Are retailers vulnerable to hacks from within?
Columbia Sportswear has filed suit against a former employee, alleging he hacked into the company’s e-mail system for more than two years so that he could gain access to information that would help his new employer land additional work.
Michael Leeper, according to the suit, gained access to the e-mails of senior executives and IT staff at Columbia, through a backdoor he created before leaving the company for Denali Advanced Integration. Mr. Leeper allegedly hacked into Columbia’s system nearly 700 times in total, acts that would put him and Denali in violation of the Computer Fraud and Abuse Act.
Columbia is said to have discovered a fake account while upgrading its e-mail system last summer that it alleges was set up by Mr. Leeper. At the time, Columbia alerted the FBI while also conducting an internal investigation.
Denali, which has also been named in the suit, issued a statement pledging its cooperation in the investigation and announcing that Mr. Leeper has been placed on leave from the company. “These claims astonish us, and they in no way reflect Denali or its values,” said the firm’s CEO Majdi Daher.
Corporate hacking, as a report by The Oregonian points out, has become a huge business with a cost of $445 billion to the global economy in 2016.
- Columbia says it was hacked for 2 years in lawsuit against ex-staffer – The Oregonian
- Columbia Sportswear Accuses Former Employee of Hacking – Law 360
- Ex penetrated us almost 700 times through secret backdoor, biz alleges – The Register
DISCUSSION QUESTIONS: Do you think hacking conducted by employees is more prevalent than generally assumed? Do retailers have enough safeguards in place to protect systems from internal threats? What lessons can others learn from the Columbia Sportswear case?
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8 Comments on "Are retailers vulnerable to hacks from within?"
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Sometimes it’s a matter of one-upsmanship. Mid-level employees want to prove they are as smart as top management. Believe me, top management is reading people’s emails. The mid-level people are looking for a little payback. A system I used to be on could have an email for each phone extension. One bright fellow created an email account using the emergency phone from the elevator. As long as top management relies on lower-level people for IT support, there are no safeguards. Most top executives are smart enough not to discuss sensitive information using email. Still, from the last election we learned that is not always the case. Something as minor as being able to hack into the company plane’s schedule and passenger list can tip off people to a possible acquisition.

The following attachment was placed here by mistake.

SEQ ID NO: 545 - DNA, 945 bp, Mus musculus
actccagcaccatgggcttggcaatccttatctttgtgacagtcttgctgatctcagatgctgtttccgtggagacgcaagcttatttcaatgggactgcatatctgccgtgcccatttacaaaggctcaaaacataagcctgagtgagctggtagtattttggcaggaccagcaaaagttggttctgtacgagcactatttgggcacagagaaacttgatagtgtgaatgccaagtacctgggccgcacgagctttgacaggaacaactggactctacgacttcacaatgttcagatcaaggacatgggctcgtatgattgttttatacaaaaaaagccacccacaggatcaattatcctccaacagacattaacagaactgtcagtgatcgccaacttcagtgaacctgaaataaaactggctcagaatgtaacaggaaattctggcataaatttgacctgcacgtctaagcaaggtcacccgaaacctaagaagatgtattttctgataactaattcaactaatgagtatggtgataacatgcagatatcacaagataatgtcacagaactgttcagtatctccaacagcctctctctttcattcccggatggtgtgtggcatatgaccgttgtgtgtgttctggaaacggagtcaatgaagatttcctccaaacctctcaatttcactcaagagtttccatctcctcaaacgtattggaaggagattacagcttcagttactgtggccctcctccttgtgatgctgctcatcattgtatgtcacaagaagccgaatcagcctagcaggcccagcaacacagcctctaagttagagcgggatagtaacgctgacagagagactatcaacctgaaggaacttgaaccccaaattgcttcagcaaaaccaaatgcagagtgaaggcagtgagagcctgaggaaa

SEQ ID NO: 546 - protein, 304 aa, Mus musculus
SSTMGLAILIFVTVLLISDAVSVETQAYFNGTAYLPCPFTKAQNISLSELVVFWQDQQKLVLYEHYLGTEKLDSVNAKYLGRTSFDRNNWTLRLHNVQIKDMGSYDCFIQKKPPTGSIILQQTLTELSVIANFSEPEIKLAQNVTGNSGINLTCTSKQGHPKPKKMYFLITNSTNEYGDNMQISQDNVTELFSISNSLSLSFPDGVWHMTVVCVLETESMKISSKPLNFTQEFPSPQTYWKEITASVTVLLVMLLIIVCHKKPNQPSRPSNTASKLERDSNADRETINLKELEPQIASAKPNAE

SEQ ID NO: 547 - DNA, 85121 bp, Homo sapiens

Revenge is a dish best eaten cold.
Strategy Architect – Digital Place-based Media
Hacks from within are simply another form of theft. As the enterprise develops and uses information assets as a primary activity this is perhaps the most harmful of actions, meriting safeguarding and an increase in diligence.
CEO, Fuse Inventory
I would argue that the biggest threats are still external. The majority of hacks look like an internal email — for example, one that asks employees to update their insurance info. The employee then clicks on the email which gives the hacker access to the entire system. It’s very hard to tell as an individual and hard to catch as a company without educating employees on what to look for. This is a big threat not just for retailers but for all companies. Internal hacks do happen but Target, Home Depot and many others prove these are the exception.
Global Vice President, Strategic Communications, SAP Global Retail Business Unit
I would not doubt that hacks from inside are a common thing. Take advantage of this and test your systems. Get your smartest people and create some hack teams. One tries to hack from the outside and another tries from the inside and one tries to prevent them both from succeeding. Have prizes, provide the right gear and tools and create ways to apply more security after the end of the challenge.
sales management consultant
The largest loopholes that enable data breaches do indeed come from within. Willingly or unwillingly, employees create weaknesses. These come in two forms:
1. Subversive. As described in the Columbia example above, today’s go-getter can become tomorrow’s ruthless ex-employee furthering a career at a competitor. Unmonitored logins create unlocked doors. Even if email and account access is terminated immediately with the employee, a cunning job seeker may have snatched portable trade secrets before tendering his/her resignation.
2. Suckers. Employees have always ignored security protocols. More protocols beget more lapses that fraudsters exploit. Further, the fortress headquarters can’t be locked down as it once was. The twin movements of BYOD (bring-your-own-device) and telecommuting have made for a target-rich environment for cybercriminals with BEC (business email compromise) being a chief threat.
What’s true in espionage is unfortunately also true in apparel. Expect more tools to make their way into private sector attacks — the spoils are too large to ignore.
Retail Transformation Thought Leader, Advisor, & Strategist
I suspect hacks from the outside are more prevalent, but those from the inside have the potential to be more dangerous. So much attention and focus has been placed on external threats in recent years, I doubt retailers have established enough security to protect themselves, but then again, have enterprises in other industries done any better?